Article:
NEW MARKET — Southmont Sr. High Principal Jesse Burgess and others are formulating an overall academic improvement plan for the district.
Presenting the plan’s foundations to the Southmont school board Monday during a regular meeting, Burgess told members that a simple plan may be the best route to overall growth.
“We’re going to narrow our focus and we’re going to begin understanding what we show up every day to do,” Burgess said. “This is the centrality of everything we’re doing: We are going to be student-centered in every decision we make. If it’s not student-centered, we’re not even going to entertain it.
“Furthermore, whatever decision we make, we want to support our teachers in that process.”
Focusing on students while supporting teachers are two of the plan’s three focuses. The other, Burgess said, is to expand on the district’s professional learning community.
With simplicity and the three focuses in mind, Burgess said the school’s mission and vision statements needed to be reimagined so they can be better instilled in the minds of students, parents, teachers and administrators.
Burgess gave his teachers a pop quiz on the first “teacher day” of the school year to see just how many could recite the district’s complex mission and vision statements.
“None of them could write down the mission statement — not one,” Burgess said. “I said, ‘Let’s write down the school vision statement.’ None of them knew. I said, ‘OK, let’s start smaller. Write down your departmental goals.’ Some departments, two of the eight, knew. So I said, ‘Write down your personal goal for the year. How do you want to improve as a professional?’
“They all knew that,” he continued. “So I use that as a point that, unless we know where we’re going and how we’re going to get there ... we’ll forget, we’ll get sidetracked or we’ll get bogged down with our day-to-day operations.”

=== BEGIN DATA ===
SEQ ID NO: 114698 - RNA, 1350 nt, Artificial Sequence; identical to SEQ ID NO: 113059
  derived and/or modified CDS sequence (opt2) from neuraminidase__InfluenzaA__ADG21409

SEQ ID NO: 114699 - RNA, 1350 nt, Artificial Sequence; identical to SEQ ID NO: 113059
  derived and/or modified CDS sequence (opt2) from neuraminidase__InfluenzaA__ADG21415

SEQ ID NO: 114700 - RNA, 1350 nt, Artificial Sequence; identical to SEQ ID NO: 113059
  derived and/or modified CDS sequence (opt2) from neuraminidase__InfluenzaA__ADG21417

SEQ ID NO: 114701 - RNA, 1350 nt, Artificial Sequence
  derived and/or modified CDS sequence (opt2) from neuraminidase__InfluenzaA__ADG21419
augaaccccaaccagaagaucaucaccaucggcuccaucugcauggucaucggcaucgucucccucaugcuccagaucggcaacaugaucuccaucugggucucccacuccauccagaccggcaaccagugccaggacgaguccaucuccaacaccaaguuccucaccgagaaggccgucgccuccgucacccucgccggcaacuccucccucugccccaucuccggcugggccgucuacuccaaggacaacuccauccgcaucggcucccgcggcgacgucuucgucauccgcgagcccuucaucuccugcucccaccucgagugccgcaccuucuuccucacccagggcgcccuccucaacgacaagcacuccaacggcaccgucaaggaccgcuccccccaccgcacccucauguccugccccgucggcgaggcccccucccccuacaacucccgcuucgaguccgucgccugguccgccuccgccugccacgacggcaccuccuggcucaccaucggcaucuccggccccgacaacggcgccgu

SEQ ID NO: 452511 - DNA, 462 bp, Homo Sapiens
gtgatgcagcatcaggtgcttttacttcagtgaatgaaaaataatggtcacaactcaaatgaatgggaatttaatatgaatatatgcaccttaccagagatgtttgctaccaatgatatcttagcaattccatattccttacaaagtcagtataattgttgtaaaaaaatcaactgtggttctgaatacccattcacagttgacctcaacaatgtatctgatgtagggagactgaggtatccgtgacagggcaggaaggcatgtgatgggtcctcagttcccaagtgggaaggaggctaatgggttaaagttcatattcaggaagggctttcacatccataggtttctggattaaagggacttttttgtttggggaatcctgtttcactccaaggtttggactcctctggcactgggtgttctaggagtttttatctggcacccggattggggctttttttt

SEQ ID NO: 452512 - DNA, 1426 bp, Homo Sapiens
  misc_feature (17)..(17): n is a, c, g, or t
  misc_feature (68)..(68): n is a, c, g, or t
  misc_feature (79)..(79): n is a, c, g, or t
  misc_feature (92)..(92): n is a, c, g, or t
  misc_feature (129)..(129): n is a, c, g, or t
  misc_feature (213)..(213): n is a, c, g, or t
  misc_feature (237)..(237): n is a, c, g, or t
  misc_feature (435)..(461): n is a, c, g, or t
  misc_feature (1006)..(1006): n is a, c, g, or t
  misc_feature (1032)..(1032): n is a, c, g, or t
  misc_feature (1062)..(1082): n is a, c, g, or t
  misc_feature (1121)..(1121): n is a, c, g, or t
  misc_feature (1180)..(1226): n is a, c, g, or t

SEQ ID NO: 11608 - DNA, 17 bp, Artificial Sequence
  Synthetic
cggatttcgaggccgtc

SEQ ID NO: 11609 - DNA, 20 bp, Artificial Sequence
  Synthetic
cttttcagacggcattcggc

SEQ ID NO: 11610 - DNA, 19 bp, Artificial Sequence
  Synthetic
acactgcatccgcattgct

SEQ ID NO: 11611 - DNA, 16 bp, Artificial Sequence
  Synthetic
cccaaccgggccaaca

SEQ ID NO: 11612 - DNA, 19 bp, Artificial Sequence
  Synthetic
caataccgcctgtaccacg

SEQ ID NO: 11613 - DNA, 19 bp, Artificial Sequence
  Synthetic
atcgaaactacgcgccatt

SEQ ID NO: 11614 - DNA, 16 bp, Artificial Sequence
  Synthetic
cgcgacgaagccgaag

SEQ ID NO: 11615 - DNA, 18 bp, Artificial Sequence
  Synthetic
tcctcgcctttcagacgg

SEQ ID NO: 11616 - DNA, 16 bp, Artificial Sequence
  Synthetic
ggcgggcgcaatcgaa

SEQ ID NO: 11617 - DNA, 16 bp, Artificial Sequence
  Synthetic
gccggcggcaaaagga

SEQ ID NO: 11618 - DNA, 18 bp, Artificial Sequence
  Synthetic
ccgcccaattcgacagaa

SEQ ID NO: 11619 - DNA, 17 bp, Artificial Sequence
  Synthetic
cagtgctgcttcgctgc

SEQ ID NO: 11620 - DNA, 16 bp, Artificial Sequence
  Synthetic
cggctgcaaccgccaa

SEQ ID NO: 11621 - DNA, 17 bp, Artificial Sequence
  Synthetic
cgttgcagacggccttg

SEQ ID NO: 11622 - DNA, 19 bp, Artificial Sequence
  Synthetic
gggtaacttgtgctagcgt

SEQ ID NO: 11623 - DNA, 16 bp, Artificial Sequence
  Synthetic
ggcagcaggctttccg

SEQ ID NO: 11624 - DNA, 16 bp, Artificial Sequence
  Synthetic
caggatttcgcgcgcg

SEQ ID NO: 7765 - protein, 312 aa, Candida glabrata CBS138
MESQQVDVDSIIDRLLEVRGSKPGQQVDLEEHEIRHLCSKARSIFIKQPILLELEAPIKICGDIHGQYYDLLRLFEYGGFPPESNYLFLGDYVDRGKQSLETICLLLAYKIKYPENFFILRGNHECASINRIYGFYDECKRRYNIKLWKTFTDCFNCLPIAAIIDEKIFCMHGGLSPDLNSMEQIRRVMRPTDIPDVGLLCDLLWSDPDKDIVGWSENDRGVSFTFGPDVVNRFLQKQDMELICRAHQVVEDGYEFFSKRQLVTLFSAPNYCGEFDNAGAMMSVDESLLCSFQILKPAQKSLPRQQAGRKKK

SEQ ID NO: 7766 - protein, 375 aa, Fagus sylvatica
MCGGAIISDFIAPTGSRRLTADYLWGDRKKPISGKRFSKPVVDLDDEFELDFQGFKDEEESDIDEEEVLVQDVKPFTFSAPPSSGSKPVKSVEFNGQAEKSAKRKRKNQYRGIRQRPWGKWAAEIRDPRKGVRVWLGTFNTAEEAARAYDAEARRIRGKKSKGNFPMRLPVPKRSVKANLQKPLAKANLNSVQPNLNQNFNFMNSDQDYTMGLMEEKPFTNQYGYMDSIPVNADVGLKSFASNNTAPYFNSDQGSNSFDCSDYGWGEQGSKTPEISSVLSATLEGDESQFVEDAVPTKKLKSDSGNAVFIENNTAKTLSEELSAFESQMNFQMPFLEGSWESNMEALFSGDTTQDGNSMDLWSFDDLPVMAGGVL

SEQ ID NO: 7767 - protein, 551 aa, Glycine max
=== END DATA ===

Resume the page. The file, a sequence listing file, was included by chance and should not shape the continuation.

The new mission statement: To empower students to think critically, act responsibly and pursue excellence.
The new vision statement: Creating a culture of growth.
And culturalization is critical in today’s civil and political landscape, he added.
“One thing that we’re looking to do is to try to expose our students to different cultures and different groups of people,” Burgess said, adding that exchange programs will hopefully be reinstated following the coronavirus (COVID-19) pandemic.
Another part of the plan is to increase student growth in academics through four goals:
• Students will increase individual growth by improving reading comprehension scores by 1% in four years as measured by ISTEP+, SAT, SRI, PSAT and NWEA;
• Special needs students will increase individual growth in the same areas by 1%;
• All students will meet or exceed pass rate for the ELA and math components of the ISTEP+; and
• Continued focus and evaluation of Action Plan — improvement priorities per AdvancED accreditation and evaluation process.
These goals can only be achieved through collective commitment, he said.
“Things like: We will always put students first, we will always give students the benefit of the doubt, we will always work with our state, and we will always respond with kindness to frustration,” he said.
Furthermore, committees of teachers and students will be formed to create a constant flow of feedback for the administration, on which it will base its decisions.